The same goes for all of these examples:

  • Your law degree/accounting qualification/medical diploma/architectural qualifications are each a gift from your past self to your current self. 

Today’s decision: Do you still want the gift?

  • Your investment in a company that isn’t treating you well is a gift from your past self to your current self. 

Today’s decision: Do you still want the gift?

  • Your relationships in your declining industry/commoditising industry are a gift from your past self to your new self.

Today’s decision: Do you still want the gift?

  • Your investment in getting the project over the value hump is a gift from your old self to your new self. 

Today’s decision: Do you still want the gift?

  • Your people management learning experiences, reading 100 leadership books and attendance at numerous leadership training courses are gifts from your past self to your current self. 

Today’s decision: Do you still want the gifts?

So, what could you say instead, if you don’t want the gifts from your past self to your current self?

What if you have realised that you don’t want the gifts (law degree, accounting career, current company etc) anymore?

You could say “Thanks but no thanks” to the gift. “I’m making a different decision based on all of the information available to me today. And that gift is not going to help me get to where I want to go.

You can be grateful for the gift but you can still say “No thanks” to taking it with you into your future.

Then…you just need to figure out where is it that you do want to go?

Other articles you might like:

10 reasons why mid-lifers stay in careers that don’t suit them anymore

Are you in a career rut or just having a bad month?

Have you reached your mid-career tipping point yet?

The key to doing work that makes you happier

If you know someone whose job, current company or your entire career doesn’t seem to be going the way they’d like it to go, why not encourage them to book in for one of my half hour “Light at the end of my Tunnel” calls where I promise to give them at least two personalised recommendations to help them figure out their next step.  




How to begin to escape from your career rut

For many of us the first half of our career flies by at great speed with plenty of hard work and often little planning.  But what happens when your career trajectory flattens, the work becomes easy and dull or “ground hog day” is a term that describes your working day rather than a funny 1993 Bill Murray movie? 

You are in a career rut that will take some manoeuvring to escape from.  If you are looking for some starter points to get you on the road to a career transformation, here are three activities that you can begin on the way home today.

1.   Design a very specific answer to this question: What magic do you have to offer the world?

Torch in sky (2).jpg

Eh?  By ‘magic’ I mean, what specific, unique skills do you have to offer the world?  I assure you I have not under-estimated how difficult this question is to answer. 

If you have spent 20 years in a career that you “fell into”, this will be much more difficult for you than for others who might have tried a couple of different lines of work in the first half of their career.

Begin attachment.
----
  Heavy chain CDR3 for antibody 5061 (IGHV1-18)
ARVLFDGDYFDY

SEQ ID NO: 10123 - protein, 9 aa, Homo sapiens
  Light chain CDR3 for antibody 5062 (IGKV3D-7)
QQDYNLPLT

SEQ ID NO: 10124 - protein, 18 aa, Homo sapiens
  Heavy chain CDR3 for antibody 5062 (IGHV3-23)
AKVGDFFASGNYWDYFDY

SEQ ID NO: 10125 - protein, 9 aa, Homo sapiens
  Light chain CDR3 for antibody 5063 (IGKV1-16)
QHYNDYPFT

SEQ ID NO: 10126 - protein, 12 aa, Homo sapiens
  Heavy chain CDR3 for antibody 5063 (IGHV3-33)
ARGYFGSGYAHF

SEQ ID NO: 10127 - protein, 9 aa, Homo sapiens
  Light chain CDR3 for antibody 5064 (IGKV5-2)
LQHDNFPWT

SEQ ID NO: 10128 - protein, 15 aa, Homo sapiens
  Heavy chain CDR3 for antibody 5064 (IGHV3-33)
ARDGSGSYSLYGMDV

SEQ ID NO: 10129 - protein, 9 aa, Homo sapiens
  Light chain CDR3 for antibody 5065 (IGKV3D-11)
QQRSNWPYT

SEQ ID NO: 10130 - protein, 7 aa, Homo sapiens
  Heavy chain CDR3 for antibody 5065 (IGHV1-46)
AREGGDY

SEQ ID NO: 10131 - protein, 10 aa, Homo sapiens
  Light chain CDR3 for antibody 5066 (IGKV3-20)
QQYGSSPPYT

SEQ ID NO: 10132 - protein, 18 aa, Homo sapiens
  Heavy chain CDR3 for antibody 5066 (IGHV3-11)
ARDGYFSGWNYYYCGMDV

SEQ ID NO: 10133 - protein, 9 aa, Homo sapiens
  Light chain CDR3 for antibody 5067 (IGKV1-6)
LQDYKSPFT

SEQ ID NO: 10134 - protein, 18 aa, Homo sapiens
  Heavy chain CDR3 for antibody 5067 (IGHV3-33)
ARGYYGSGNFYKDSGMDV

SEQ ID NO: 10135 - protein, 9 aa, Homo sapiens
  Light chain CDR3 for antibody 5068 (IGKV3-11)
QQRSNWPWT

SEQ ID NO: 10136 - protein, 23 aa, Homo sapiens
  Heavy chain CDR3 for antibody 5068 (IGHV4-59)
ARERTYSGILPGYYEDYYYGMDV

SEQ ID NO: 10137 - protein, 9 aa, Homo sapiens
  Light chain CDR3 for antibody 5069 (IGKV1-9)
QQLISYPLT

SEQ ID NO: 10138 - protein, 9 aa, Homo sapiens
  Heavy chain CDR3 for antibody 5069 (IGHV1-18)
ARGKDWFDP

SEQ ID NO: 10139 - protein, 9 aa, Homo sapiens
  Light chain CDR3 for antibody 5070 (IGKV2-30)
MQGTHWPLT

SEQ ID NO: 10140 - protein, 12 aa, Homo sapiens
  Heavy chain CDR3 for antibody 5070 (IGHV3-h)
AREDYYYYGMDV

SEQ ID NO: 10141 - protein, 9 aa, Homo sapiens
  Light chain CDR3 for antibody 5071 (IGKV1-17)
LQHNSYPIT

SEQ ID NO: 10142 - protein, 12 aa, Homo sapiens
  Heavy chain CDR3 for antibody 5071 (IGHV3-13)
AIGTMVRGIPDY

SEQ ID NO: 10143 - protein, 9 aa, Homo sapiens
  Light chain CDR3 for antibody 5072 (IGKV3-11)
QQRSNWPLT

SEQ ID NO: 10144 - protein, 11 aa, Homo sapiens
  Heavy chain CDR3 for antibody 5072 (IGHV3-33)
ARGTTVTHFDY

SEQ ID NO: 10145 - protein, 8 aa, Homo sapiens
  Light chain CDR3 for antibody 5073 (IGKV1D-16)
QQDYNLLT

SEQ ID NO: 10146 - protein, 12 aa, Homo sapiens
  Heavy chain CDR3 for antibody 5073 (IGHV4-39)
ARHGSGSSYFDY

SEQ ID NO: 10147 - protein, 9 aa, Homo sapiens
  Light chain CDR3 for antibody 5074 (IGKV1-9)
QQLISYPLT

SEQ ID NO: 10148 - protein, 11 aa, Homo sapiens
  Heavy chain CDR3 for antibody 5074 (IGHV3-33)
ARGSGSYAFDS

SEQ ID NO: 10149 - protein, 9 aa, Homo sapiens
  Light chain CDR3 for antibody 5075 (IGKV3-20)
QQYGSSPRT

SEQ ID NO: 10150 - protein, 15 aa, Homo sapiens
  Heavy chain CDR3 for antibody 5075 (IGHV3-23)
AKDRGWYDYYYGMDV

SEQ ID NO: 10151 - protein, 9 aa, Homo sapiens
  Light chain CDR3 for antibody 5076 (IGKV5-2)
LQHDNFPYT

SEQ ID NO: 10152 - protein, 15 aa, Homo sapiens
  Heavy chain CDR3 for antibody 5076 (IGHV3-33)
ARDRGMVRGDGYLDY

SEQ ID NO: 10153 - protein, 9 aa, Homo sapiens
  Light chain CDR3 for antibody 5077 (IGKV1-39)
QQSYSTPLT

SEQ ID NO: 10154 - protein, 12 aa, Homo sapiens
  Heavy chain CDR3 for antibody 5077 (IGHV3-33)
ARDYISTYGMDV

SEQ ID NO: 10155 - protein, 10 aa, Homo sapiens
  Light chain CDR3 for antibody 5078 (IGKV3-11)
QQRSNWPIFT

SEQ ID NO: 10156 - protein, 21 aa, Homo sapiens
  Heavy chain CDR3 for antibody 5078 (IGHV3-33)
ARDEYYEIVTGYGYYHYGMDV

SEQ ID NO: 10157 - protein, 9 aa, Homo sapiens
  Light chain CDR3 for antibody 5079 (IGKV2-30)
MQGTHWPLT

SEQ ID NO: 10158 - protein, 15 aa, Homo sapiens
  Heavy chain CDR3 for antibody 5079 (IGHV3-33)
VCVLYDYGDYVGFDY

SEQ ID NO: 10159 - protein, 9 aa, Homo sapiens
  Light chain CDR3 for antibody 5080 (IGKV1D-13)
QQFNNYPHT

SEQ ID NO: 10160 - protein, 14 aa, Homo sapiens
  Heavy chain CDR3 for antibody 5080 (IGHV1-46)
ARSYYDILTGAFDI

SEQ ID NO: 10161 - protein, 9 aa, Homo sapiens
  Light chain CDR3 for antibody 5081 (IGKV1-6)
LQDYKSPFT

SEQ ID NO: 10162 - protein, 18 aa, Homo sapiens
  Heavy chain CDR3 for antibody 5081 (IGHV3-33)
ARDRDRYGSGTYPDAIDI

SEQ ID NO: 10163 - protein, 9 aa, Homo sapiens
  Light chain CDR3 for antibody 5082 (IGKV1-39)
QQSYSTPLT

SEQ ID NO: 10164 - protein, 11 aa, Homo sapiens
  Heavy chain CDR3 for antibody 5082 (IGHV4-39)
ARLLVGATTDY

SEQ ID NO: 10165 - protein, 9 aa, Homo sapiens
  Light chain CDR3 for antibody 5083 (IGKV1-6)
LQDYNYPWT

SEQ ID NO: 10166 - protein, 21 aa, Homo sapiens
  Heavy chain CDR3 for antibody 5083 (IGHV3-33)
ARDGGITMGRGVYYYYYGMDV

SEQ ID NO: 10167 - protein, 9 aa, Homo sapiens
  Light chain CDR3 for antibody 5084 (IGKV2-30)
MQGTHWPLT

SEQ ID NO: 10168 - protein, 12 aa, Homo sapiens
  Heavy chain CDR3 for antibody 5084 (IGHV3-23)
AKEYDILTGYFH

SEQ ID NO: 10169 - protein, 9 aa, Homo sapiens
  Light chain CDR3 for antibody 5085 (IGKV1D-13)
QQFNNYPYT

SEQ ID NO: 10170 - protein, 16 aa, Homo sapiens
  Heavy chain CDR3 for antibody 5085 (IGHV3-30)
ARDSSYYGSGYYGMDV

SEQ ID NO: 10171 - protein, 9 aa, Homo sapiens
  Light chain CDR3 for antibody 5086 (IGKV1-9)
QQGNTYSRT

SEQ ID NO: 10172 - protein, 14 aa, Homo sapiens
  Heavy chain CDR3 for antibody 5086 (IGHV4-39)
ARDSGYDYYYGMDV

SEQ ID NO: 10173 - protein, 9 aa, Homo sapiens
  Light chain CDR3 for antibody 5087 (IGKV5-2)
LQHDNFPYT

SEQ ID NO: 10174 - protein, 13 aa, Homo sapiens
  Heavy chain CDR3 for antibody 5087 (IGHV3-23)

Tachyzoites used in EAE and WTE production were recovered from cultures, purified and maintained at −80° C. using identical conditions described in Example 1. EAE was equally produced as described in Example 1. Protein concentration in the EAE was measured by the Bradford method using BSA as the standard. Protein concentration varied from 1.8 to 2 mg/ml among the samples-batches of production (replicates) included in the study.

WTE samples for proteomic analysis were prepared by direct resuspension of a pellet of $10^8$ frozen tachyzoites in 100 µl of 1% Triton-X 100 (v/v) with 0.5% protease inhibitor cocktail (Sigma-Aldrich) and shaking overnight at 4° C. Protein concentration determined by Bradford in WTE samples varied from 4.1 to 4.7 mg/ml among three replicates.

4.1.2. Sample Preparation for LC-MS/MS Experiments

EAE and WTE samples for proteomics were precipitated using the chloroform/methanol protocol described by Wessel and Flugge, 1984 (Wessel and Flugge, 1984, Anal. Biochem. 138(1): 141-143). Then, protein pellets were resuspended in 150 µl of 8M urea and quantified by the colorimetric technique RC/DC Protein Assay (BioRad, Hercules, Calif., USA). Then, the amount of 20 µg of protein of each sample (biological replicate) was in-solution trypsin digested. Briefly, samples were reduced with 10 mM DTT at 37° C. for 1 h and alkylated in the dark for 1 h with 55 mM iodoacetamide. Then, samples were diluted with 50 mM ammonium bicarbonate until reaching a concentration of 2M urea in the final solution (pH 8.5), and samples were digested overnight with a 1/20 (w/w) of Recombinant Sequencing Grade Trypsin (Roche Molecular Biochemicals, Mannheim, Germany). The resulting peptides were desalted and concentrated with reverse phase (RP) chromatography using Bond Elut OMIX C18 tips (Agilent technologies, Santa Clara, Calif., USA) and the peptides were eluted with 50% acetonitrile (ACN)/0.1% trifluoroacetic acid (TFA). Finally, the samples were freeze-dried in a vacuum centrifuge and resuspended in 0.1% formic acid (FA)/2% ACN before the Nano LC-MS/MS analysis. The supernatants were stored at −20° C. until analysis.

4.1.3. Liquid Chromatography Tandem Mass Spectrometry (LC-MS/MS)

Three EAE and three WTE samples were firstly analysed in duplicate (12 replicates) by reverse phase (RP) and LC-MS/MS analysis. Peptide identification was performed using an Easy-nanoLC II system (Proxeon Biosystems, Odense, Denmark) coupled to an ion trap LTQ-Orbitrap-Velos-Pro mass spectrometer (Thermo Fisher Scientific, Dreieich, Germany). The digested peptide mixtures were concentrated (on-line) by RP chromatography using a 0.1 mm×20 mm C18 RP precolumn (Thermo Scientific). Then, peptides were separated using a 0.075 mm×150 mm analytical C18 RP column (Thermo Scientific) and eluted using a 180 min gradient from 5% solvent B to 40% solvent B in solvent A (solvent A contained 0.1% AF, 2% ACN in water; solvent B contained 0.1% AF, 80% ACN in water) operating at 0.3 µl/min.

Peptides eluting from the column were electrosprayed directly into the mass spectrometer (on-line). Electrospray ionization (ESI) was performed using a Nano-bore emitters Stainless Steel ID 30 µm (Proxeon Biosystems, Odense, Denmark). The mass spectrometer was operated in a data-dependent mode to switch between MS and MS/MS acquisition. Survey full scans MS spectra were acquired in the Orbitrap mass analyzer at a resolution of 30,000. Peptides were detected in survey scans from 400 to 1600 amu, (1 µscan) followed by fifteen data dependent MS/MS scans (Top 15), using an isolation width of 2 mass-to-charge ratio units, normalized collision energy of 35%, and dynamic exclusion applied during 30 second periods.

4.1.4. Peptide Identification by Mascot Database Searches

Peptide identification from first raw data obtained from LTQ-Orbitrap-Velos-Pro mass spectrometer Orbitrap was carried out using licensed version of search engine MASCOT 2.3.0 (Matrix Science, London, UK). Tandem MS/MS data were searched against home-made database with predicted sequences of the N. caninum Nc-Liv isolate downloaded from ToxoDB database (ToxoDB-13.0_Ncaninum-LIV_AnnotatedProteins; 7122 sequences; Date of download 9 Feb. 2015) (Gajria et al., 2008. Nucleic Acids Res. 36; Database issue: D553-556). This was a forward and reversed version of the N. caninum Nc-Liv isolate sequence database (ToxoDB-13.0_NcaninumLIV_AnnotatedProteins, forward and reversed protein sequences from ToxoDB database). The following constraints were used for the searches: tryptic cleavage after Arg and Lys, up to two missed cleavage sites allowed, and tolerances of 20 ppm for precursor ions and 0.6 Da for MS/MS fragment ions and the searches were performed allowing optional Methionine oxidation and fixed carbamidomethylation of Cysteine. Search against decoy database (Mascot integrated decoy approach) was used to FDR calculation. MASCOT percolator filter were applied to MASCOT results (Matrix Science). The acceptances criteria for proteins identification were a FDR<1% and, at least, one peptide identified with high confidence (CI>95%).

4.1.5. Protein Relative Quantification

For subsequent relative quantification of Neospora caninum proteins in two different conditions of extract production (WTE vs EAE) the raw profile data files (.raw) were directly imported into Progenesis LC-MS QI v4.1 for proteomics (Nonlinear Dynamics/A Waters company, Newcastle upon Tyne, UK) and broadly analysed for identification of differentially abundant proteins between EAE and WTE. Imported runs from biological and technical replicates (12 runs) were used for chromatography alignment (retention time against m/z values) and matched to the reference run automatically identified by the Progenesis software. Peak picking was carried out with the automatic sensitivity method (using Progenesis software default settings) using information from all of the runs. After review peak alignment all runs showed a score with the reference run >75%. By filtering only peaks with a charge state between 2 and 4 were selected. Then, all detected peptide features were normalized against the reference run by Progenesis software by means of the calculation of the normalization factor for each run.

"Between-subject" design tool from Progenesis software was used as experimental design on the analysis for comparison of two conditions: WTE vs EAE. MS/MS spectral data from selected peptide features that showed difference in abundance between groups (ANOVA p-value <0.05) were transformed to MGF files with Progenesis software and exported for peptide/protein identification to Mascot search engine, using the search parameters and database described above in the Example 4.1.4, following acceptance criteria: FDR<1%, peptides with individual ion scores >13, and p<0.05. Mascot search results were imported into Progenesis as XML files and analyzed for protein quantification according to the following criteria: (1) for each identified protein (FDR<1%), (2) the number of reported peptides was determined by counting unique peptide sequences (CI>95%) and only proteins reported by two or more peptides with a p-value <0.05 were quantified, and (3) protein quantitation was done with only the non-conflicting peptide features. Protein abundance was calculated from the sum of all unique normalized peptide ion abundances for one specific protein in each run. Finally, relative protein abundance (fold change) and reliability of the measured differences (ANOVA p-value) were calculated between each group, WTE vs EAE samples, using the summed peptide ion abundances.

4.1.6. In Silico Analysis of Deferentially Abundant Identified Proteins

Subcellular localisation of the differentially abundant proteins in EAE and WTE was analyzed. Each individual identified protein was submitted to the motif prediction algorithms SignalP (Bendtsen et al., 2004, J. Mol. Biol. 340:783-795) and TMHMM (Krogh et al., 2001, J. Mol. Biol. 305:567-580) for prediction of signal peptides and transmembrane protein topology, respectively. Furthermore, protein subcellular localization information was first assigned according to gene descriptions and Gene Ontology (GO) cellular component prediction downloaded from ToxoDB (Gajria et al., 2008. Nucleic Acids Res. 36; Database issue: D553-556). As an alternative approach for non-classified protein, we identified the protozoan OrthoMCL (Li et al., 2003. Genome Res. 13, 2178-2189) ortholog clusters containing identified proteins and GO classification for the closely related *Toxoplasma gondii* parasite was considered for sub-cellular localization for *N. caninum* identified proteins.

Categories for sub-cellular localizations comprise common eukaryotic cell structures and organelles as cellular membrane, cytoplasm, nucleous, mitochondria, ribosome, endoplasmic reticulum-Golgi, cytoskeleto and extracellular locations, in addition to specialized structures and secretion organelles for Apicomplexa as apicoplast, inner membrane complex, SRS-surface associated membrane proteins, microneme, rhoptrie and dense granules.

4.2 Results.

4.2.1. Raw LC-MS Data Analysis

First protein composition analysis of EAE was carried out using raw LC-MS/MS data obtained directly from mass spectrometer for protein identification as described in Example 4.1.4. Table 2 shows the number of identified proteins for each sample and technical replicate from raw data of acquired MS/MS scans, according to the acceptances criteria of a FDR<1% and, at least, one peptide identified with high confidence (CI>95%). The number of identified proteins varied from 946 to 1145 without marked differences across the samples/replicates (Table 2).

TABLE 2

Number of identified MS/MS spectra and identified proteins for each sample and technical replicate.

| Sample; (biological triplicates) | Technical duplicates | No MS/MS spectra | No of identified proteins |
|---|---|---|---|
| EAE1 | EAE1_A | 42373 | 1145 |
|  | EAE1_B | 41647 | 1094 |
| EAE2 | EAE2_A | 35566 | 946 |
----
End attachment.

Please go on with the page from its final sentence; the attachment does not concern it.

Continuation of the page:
If you have been in finance, law, engineering, sales or IT for a couple of decades, you may struggle with the specifics of what key, specific skills you have to offer the world.   

One way to start to answer this very hard question is to answer two easier sub-questions which will point you in the right direction: i)What activities are you doing when you lose track of time? ii)What do you love doing so much that you would do it for free?   

If you really, really think about these two questions for the length of your commute today, I guarantee you will have triggered a thought process which is the first starting point of your career transformation.

2.   Write another very specific list:  What do you want from your future work life?

On that long commute home, don’t listen to your favourite podcast, don’t read the news and don’t play that game on your phone to distract you from how annoyed you were by something at work today.  

Instead, design your future perfect work

You might not yet know the exact style of that work but you can define your preferences for some of the key elements.  Have a think about your ideals around weekly work-life balance, time spent face-to-face with humans versus on tele/video conferences, thinking time, amount and type of travel, size of team, sole versus team work balance, commute, quality and style of feedback, requirement for corporate presentations/board meetings, team management style, company culture, salary, feel of work environment, amount of holiday, freedom to make decisions, support to make decisions etc. 

HINT: Most of my clients have amazing difficulty with designing their perfect work and find it easier to define what they don’t want. Give that a try if it sounds easier.  

3.   Evaluate your current role

Consider your current role – is it using the skills that you really, really enjoy using?   Is your current role fulfilling many of your ideal preferences for future work? If the answer to either of these questions is no, you might want to consider making some changes.  

If the answer to both questions is no, you might want to start considering a career transformation.

To learn more about escaping your own career rut go to, sign up to my newsletter and contact me directly at